In a typical American Midwestern city, Hartfield, Iowa, Lew Marsh (Don Ameche) is the owner of a drugstore. Everyone knows Lew and knew his grandfather, old "Gramp" Marsh (Harry Carey), who...
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In a typical American Midwestern city, Hartfield, Iowa, Lew Marsh (Don Ameche) is the owner of a drugstore. Everyone knows Lew and knew his grandfather, old "Gramp" Marsh (Harry Carey), who had passed on. One evening, Lew and his wife, Agnes (Frances Dee), reminisce lovingly about their son, "Rusty" (Richard Crane), when a telegram arrives from the Navy Department informing them that "Rusty" had been killed in action. Lew becomes bitter, avoids people, refuses to go near the family drugstore. "Gramp" appears before Lew and takes him in hand and together, they revisit the past: Lew's childhood; "Gramp" as a Civil War veteran; Lew's courtship of Agnes; the birth of "Rusty"; Lew as a WWI soldier; Rusty's boyhood days and into his attempt to decide between Lenore Prentiss and Gretchen Barry, and how Lenore becomes his girl just before he joins the Navy. This excursion into the past takes away Lew's bitterness and he now sees what America means.Written by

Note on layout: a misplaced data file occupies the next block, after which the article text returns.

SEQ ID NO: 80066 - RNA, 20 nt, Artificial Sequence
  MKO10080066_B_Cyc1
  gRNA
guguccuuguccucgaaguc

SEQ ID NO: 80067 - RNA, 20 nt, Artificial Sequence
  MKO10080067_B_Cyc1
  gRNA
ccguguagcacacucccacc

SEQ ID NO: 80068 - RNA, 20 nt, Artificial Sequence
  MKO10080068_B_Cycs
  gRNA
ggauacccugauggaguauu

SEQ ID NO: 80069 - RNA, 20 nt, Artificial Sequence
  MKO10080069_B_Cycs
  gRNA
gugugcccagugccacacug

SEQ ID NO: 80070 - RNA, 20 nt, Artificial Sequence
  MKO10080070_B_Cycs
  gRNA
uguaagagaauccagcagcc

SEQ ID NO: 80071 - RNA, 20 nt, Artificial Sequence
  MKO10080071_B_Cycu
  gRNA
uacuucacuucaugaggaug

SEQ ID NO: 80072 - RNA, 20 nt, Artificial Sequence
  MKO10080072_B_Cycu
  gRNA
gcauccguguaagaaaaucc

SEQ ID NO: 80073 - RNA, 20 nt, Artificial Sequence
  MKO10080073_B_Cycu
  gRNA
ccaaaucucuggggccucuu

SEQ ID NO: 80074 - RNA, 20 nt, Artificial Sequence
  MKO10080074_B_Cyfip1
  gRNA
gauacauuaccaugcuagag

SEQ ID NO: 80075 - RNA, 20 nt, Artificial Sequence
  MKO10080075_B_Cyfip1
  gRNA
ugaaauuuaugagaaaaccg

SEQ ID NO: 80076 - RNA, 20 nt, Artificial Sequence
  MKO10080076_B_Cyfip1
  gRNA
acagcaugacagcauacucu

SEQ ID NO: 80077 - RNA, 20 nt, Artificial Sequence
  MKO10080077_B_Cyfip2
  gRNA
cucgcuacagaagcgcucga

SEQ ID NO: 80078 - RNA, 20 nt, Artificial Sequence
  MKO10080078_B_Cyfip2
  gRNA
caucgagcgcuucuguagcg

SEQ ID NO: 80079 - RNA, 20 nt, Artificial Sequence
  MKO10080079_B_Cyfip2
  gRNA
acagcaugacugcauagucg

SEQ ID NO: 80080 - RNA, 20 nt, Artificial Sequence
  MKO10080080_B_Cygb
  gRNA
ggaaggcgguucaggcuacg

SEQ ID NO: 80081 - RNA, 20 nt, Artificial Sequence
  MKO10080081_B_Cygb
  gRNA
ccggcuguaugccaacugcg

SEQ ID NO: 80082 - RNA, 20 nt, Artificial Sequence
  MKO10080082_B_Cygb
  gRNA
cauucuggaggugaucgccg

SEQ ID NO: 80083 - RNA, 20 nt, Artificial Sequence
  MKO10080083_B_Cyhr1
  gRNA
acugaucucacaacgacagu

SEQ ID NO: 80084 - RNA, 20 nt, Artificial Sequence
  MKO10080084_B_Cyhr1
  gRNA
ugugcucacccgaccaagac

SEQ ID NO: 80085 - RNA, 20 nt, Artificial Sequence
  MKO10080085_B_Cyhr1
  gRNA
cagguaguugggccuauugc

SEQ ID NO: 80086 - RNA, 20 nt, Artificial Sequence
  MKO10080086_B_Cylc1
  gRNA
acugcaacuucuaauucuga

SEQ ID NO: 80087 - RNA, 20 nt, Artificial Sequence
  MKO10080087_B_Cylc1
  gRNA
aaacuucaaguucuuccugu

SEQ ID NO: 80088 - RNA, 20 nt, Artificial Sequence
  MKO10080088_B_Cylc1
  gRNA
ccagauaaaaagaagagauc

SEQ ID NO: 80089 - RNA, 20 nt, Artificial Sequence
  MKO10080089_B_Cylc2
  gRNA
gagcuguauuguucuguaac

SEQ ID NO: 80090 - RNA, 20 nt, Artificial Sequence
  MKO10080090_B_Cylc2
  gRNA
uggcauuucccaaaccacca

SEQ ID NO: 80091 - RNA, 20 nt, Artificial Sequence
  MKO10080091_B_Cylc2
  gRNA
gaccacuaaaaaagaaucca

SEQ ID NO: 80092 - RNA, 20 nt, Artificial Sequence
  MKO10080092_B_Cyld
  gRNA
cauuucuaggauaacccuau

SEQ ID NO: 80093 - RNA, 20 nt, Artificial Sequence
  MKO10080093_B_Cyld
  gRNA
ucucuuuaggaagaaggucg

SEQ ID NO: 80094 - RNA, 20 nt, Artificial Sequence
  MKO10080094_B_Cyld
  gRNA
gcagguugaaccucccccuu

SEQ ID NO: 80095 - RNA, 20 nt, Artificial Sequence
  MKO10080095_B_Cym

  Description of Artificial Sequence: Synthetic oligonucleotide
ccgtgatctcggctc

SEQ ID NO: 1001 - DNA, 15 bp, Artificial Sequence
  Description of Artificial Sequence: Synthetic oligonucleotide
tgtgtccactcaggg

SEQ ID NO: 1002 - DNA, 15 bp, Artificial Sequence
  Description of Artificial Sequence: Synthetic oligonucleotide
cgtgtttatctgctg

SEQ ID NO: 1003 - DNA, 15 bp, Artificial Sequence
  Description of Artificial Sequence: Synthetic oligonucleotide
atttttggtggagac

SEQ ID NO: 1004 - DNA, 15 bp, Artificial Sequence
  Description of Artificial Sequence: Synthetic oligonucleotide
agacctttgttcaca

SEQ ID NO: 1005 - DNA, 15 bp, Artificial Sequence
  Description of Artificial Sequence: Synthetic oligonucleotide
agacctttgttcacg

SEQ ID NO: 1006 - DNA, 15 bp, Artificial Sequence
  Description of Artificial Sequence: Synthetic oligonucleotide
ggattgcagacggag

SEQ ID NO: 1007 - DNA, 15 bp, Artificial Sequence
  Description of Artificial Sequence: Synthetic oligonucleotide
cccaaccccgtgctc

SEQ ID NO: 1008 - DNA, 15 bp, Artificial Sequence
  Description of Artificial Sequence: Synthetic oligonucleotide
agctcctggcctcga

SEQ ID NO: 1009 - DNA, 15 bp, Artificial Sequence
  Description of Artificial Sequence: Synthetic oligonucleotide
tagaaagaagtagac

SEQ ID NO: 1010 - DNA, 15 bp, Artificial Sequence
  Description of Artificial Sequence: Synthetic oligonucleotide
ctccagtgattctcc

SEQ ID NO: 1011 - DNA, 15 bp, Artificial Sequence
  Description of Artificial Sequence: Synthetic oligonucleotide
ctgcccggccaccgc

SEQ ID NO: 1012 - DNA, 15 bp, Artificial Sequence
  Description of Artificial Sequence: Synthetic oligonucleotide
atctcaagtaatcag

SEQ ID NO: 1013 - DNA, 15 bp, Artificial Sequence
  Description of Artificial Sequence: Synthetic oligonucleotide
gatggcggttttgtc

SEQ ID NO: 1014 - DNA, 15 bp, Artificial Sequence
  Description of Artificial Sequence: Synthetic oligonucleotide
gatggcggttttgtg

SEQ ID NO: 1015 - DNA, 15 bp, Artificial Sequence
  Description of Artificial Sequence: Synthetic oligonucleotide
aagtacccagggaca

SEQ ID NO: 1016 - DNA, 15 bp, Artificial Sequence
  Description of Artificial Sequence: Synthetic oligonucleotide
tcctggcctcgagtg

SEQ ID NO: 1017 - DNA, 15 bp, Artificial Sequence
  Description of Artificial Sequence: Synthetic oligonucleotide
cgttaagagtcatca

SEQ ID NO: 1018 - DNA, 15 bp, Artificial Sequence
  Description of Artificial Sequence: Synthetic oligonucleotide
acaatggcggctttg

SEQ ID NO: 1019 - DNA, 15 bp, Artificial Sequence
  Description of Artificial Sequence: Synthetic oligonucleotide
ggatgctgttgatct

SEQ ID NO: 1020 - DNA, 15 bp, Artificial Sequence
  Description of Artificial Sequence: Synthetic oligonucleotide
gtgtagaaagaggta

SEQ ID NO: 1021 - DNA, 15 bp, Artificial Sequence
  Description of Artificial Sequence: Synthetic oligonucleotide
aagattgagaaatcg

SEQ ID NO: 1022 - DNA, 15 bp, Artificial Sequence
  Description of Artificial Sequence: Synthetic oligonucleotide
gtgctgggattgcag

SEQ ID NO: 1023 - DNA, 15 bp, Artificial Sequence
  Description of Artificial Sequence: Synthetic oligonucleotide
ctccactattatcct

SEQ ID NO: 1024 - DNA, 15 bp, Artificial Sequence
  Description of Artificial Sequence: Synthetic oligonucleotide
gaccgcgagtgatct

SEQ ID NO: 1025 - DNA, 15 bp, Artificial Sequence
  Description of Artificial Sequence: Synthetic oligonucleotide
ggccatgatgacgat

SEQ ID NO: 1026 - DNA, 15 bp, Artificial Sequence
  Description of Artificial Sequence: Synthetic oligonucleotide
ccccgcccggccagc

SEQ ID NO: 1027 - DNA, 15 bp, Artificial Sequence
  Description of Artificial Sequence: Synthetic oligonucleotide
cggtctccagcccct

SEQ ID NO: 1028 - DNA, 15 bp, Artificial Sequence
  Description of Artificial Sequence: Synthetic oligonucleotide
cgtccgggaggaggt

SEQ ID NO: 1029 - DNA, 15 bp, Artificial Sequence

Les Adams <email@example.com>
As of the November 10, 1943 release date, husband Don Ameche was 35 years old, and wife Frances Dee was 33 years old. Son Richard Crane was 25 years old and son's girlfriend Ann Rutherford was 26 years old. Ameche and Dee at 10 and 8 years older respectively than Crane were both too young to be Crane's parents. See more »
Right before Rusty's shipmate, Tony, arrives at Mr. Marsh's Pharmacy, it is near closing time, and dark outside. When Mr. Marsh takes Tony home to meet Mrs. Marsh, she says she was just getting ready to fix lunch, although it is night time. See more »
You know, Lew, that's one thing God intended in America forever - kids have got to play Indian. Bows and arrows, war clubs, Daniel Boone, Sittin' Bull... nobody must be allowed to make them stop.
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This movie is a slightly corny, yet warm and lovely gem...
I loved this movie and I highly suggest you catch this movie if you can. If for the very least, to see Harry Morgan (aka the crusty Col. Potter from TV's M*A*S*H) back when he was just a kid at 28 years old.
The other reason is it's a sweet and warm story of a small town family and how it deals with post WWII. The film's cinematography is a vivid Hallmark card of 1940s Americana.
There's a really tender scene where Morgan, a recent vet from the war, helps Don Ameche, the father of a fellow soldier stock the shelves of Ameche's Pharmacy. The art direction of this film is amazing as well.
Also look for Morgan as the mysterious bad guy in "The Big Clock" circa 1948 with Ray Milland which has an analagous plot line to "No Way Out" with Kevin Costner.
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